Laboratory beers and samples taken at each stage of production, were analysed for the flavour active 4-hydroxyfuranones; 5-methyl-4-hydroxy-3(2H)-furanone (MHF), 2,5-dimethyl-4-hydroxy-3(2H)-furanone (DMHF) and 5-(or 2)-ethyl-2(or 5)-methyl-4-hydroxy-3(2H)-furanone (EMHF). The length and temperature of mashing, the length of boiling, the rate of cooling the worts and the effects of grist composition were investigated to identify the 4-hydroxyfuranone content of worts and subsequent beers. Fermentation temperature and the use of the stabilising agents, PVPP and Lucilite PC5, on the 4-hydroxyfuranone content of the beer was also investigated. The results demonstrated that several aspects of beer production procedures affect the furanone content of the beer, but in practice the important factors are grist composition, the rate at which the boiled wort is cooled and fermentation temperature. Fermentation has a major effect on final furanone content as yeast produces both DMHF and EMHF. The results suggest that malt levels of precursor compounds, which can be converted to 4-hydroxyfuranones by the Maillard reaction or by yeast, may prove to be more important than the quantities of the furanones found in malt in determining the final furanone content of beer. A clearer understanding of the nature of the precursors should allow manipulation of their production and beer furanone content.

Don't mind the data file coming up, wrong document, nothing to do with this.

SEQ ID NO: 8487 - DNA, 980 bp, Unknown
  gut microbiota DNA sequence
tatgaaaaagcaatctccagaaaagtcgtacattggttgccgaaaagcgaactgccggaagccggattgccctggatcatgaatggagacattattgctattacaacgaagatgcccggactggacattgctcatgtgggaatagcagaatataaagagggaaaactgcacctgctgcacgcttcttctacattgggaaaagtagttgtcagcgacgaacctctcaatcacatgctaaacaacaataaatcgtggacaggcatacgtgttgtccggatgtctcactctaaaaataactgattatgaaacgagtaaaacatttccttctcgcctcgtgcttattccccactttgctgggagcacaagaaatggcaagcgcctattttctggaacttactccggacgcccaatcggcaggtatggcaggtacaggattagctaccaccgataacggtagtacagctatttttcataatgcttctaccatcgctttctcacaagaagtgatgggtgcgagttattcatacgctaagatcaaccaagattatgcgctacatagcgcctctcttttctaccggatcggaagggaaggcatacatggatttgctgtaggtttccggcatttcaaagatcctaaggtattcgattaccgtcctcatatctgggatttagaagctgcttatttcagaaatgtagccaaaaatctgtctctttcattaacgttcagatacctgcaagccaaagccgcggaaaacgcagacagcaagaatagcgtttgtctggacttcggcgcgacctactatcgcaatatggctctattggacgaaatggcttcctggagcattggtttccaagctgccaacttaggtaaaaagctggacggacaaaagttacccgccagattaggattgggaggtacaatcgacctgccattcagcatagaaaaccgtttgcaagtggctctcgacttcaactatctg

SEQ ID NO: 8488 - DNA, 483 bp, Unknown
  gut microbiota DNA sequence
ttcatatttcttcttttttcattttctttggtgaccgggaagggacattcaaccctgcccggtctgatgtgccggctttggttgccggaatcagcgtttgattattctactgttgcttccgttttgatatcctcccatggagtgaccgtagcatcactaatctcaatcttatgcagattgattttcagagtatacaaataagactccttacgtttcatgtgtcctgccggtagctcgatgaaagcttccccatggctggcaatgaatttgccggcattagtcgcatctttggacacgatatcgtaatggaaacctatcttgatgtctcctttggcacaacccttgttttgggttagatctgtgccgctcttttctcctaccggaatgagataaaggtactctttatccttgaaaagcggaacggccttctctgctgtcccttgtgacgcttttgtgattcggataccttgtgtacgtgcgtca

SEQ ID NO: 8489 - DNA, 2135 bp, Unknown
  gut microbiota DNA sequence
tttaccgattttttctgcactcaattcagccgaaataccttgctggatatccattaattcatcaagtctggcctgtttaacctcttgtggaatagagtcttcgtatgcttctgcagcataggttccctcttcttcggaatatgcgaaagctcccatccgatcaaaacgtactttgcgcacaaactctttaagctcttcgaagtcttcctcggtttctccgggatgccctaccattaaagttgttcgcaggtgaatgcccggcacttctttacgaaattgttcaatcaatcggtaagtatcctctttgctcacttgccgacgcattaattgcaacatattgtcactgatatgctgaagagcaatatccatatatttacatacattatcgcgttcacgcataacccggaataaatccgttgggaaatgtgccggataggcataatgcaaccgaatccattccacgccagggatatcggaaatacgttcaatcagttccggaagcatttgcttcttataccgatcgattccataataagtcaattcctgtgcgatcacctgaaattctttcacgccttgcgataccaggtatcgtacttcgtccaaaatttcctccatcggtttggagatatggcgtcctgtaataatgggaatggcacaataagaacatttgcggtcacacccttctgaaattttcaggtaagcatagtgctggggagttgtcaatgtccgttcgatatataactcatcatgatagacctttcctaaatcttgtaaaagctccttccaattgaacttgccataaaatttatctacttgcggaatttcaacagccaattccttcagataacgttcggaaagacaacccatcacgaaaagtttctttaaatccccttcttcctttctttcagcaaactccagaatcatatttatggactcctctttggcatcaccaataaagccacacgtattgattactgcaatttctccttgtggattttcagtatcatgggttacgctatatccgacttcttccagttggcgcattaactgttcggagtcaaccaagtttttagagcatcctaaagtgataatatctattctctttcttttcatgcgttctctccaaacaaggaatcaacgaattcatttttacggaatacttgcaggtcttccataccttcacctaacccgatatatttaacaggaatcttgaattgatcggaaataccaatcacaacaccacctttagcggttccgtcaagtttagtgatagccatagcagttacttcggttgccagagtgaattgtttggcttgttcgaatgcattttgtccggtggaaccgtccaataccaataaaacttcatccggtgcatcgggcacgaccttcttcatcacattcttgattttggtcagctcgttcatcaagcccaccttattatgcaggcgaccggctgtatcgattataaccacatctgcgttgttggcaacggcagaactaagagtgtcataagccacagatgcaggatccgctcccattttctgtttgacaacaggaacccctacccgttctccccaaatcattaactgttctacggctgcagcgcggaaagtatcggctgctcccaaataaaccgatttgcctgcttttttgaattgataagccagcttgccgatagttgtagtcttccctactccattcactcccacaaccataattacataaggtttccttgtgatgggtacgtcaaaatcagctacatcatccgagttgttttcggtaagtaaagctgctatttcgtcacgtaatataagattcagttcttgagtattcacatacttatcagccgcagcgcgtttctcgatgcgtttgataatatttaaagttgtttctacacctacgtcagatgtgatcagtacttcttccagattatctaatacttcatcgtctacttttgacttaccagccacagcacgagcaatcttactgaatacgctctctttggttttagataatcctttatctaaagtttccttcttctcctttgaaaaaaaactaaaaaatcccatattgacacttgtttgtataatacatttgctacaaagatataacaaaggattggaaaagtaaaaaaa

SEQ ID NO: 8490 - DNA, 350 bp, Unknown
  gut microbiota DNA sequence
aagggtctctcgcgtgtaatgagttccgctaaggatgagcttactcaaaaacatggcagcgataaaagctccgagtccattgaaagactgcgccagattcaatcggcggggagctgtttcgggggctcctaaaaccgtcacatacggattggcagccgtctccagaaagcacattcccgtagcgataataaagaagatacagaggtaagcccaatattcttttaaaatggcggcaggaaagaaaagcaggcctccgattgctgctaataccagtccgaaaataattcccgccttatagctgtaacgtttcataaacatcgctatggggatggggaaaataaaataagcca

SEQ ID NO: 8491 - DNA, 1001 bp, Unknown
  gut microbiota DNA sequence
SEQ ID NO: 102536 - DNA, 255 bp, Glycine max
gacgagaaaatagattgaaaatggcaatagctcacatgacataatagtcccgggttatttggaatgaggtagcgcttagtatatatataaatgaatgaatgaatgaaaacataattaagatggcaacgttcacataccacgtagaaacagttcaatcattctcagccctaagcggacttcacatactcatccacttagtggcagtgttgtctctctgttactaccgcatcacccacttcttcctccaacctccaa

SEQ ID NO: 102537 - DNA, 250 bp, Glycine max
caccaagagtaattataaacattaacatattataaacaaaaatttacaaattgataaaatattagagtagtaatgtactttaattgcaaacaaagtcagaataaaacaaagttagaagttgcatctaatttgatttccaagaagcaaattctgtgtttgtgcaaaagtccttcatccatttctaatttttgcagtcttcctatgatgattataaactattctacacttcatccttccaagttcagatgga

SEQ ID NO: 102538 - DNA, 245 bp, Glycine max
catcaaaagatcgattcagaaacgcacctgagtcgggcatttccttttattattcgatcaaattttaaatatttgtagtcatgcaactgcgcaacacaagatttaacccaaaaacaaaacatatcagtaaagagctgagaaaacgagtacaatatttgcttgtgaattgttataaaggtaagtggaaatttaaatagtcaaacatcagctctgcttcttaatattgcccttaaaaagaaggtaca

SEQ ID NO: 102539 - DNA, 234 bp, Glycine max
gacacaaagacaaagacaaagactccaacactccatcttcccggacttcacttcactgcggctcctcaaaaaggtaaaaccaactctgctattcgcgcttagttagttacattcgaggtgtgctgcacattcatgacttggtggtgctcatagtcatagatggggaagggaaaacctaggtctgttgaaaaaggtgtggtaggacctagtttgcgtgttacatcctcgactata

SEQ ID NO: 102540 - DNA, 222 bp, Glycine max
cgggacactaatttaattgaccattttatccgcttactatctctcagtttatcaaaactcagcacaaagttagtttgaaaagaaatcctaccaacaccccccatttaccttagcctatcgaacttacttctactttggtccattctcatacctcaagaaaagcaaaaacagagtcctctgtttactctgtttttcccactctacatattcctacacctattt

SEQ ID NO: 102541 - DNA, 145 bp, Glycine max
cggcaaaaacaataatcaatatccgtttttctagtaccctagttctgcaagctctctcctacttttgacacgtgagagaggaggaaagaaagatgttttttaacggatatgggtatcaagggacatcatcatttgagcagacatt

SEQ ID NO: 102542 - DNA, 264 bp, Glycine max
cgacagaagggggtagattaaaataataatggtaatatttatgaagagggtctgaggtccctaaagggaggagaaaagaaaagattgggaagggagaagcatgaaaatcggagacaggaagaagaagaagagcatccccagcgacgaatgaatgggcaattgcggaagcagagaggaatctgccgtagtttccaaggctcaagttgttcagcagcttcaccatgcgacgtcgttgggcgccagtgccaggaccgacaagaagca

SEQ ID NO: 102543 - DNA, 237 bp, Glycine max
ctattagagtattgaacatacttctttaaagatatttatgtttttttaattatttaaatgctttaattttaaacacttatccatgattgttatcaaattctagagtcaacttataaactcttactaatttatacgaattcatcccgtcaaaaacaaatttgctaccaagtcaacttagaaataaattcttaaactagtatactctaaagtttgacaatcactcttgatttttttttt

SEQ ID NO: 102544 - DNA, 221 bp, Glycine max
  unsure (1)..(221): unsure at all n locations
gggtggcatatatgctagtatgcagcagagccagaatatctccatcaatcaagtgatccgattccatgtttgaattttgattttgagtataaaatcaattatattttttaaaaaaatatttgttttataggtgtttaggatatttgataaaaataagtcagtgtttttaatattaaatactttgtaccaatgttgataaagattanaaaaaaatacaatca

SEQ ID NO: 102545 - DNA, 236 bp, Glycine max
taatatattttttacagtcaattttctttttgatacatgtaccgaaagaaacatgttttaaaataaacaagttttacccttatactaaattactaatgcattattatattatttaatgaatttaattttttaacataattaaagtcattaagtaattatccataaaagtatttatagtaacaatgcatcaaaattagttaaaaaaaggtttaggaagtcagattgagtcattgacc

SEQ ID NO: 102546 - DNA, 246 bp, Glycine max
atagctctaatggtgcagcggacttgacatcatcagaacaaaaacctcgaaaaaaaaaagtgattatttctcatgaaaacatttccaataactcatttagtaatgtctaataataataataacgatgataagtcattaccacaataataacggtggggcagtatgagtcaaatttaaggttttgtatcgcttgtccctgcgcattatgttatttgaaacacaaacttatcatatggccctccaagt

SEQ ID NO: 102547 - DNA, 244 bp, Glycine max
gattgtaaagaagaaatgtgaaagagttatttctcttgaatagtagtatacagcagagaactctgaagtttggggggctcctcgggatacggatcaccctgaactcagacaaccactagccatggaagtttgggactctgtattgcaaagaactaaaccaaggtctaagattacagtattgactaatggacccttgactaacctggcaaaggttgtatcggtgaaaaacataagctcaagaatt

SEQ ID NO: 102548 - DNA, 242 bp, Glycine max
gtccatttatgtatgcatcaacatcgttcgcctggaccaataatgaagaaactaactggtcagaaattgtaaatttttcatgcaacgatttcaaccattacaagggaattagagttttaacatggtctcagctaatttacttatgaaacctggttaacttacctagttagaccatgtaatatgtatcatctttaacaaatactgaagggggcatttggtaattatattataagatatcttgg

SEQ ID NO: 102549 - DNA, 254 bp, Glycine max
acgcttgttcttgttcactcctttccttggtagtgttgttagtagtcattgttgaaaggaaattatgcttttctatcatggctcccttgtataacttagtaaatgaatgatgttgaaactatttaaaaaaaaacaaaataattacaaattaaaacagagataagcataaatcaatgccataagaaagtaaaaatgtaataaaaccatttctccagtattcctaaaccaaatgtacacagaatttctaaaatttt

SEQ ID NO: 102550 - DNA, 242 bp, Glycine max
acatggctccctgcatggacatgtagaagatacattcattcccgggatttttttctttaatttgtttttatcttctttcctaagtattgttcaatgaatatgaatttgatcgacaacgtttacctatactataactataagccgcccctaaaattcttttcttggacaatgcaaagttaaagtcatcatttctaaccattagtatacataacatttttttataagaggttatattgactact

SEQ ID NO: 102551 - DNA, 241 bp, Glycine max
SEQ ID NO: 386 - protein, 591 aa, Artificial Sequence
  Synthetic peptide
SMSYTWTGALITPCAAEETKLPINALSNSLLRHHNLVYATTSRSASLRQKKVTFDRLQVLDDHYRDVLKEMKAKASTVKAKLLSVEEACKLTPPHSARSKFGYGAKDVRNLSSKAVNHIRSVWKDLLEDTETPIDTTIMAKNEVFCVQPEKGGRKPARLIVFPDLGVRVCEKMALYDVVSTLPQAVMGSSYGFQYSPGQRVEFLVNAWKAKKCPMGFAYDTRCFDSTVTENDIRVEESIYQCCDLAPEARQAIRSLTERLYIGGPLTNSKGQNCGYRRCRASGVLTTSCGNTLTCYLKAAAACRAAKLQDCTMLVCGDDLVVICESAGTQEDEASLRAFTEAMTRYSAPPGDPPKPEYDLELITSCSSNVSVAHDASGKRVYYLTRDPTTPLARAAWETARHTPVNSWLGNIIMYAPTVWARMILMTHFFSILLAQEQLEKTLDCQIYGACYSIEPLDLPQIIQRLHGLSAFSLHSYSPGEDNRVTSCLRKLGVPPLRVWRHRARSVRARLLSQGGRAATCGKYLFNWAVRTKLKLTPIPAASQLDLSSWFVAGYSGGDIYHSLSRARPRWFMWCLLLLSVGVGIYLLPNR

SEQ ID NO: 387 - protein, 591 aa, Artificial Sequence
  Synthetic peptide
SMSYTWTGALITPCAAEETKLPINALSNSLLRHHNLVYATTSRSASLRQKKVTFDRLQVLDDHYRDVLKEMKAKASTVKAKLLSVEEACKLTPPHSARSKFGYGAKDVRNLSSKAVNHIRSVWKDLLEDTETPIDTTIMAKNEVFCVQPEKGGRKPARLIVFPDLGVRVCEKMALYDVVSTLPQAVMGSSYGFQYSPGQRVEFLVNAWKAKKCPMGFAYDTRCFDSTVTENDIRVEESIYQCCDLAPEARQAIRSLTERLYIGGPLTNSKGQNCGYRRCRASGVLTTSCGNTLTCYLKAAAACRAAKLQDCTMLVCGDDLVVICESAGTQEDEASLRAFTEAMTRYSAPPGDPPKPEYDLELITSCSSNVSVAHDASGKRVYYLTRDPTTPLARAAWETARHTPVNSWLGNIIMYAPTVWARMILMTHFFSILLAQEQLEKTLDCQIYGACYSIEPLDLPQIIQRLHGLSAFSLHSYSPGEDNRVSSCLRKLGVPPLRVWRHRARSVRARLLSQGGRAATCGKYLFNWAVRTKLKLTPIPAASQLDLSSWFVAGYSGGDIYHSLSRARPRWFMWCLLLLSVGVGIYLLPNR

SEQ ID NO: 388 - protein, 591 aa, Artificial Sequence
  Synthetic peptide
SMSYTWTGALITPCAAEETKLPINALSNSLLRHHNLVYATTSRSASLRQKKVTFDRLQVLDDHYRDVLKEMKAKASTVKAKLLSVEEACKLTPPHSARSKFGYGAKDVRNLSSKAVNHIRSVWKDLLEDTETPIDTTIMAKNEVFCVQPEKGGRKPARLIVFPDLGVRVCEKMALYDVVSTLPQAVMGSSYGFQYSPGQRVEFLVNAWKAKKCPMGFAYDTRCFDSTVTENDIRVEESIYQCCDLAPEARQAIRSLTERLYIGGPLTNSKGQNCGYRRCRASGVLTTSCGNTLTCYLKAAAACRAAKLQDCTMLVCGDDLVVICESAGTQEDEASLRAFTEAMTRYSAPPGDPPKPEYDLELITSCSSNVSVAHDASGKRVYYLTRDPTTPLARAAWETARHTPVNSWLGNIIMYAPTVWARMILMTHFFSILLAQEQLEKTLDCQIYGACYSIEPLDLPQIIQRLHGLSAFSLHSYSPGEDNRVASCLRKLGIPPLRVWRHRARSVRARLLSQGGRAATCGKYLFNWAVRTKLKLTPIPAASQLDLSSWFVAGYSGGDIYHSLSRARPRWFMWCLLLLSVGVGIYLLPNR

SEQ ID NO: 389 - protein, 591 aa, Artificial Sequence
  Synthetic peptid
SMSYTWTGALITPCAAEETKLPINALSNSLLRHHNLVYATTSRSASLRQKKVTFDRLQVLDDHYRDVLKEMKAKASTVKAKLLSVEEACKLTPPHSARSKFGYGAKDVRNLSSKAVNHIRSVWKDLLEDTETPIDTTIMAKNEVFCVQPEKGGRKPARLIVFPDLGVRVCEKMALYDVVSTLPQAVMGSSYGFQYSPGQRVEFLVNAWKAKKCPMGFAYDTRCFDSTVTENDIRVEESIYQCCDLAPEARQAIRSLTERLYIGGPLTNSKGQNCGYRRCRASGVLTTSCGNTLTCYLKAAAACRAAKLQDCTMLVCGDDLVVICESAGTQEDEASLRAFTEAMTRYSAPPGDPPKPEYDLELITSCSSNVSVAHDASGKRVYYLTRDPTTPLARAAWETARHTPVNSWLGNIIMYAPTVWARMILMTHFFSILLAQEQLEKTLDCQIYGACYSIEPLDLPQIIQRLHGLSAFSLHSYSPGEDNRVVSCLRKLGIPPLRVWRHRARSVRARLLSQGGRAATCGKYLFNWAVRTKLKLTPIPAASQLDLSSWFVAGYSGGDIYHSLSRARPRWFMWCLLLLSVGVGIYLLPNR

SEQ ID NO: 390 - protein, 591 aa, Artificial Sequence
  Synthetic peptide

|Number of pages||8|
|Journal||Journal of the Institute of Brewing|
|Publication status||Published - 2002|
- Beer flavour
- Maillard reaction